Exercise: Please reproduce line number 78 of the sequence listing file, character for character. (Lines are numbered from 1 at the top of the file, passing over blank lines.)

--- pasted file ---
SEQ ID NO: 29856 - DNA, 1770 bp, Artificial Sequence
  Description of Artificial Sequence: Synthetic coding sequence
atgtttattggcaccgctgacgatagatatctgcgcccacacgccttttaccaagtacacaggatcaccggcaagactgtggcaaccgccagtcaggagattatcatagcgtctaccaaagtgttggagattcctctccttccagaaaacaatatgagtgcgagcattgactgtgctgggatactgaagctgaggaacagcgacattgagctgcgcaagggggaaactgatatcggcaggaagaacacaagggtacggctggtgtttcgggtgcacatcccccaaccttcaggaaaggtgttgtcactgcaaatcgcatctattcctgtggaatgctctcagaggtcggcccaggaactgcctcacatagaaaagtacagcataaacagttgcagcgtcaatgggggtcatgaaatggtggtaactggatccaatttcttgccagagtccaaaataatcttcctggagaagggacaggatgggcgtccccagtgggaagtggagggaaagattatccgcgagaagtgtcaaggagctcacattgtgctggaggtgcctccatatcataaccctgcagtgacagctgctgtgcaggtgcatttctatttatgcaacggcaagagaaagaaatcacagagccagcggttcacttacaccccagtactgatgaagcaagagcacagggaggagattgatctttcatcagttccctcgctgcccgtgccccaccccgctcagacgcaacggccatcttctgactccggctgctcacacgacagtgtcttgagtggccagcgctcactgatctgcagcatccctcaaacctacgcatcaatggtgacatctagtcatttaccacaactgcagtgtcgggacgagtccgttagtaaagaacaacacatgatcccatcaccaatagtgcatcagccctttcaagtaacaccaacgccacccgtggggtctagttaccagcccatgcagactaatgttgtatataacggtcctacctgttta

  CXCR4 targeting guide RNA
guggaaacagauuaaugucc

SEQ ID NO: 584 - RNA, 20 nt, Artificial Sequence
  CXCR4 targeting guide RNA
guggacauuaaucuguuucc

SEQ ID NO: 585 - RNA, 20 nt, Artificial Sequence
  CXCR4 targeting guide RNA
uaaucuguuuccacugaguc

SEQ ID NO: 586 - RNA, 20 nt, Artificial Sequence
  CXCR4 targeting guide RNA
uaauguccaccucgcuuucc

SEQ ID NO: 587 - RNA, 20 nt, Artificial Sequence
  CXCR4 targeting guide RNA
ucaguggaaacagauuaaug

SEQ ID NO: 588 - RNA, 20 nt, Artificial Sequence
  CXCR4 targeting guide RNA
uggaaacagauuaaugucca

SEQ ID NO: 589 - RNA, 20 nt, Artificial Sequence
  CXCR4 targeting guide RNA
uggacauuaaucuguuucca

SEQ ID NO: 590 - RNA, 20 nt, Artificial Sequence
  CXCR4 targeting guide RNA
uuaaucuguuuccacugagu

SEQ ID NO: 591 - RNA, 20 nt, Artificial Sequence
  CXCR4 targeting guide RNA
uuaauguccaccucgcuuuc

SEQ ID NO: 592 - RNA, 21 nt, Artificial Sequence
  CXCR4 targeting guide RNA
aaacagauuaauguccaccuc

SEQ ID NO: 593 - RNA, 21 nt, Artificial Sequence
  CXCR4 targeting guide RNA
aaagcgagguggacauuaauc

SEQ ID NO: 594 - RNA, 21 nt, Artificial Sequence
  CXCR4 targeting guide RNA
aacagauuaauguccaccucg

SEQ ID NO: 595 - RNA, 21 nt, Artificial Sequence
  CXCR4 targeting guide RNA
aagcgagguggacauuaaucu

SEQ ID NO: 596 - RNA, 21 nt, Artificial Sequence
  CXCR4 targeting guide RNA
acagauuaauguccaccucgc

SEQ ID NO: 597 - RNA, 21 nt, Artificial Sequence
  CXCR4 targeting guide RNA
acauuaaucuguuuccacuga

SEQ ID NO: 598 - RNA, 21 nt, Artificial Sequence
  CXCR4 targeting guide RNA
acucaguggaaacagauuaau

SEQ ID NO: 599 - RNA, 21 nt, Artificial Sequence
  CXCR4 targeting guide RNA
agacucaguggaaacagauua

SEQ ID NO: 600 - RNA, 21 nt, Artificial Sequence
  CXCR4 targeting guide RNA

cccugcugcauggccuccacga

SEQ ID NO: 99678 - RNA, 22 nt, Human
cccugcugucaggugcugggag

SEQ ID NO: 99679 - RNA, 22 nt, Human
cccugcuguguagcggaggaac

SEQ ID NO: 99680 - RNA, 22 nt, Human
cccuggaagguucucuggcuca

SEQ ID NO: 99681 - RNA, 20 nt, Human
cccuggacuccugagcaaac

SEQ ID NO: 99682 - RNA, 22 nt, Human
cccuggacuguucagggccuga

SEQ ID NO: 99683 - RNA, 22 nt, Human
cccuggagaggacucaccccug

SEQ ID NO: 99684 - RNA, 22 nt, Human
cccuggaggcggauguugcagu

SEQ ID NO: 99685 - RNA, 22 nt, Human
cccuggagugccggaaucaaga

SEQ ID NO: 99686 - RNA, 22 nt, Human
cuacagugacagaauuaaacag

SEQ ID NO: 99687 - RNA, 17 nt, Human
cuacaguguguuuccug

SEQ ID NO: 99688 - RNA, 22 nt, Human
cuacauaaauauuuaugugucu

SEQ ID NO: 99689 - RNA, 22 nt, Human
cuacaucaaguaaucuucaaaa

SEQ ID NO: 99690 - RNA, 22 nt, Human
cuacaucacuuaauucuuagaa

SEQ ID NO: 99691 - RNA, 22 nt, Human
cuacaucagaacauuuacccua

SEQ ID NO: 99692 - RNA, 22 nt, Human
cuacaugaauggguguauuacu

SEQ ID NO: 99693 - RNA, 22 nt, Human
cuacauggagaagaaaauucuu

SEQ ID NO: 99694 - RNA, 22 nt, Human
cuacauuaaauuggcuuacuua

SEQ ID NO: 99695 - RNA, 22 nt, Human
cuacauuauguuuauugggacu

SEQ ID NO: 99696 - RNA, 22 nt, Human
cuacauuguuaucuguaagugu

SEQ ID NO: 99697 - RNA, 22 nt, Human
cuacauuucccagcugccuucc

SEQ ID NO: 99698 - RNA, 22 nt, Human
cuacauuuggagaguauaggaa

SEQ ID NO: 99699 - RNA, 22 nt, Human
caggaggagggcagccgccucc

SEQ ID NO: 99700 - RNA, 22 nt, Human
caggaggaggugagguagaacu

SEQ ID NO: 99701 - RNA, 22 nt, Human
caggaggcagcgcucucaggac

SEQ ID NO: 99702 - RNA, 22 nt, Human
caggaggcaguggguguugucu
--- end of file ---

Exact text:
cuacauaaauauuuaugugucu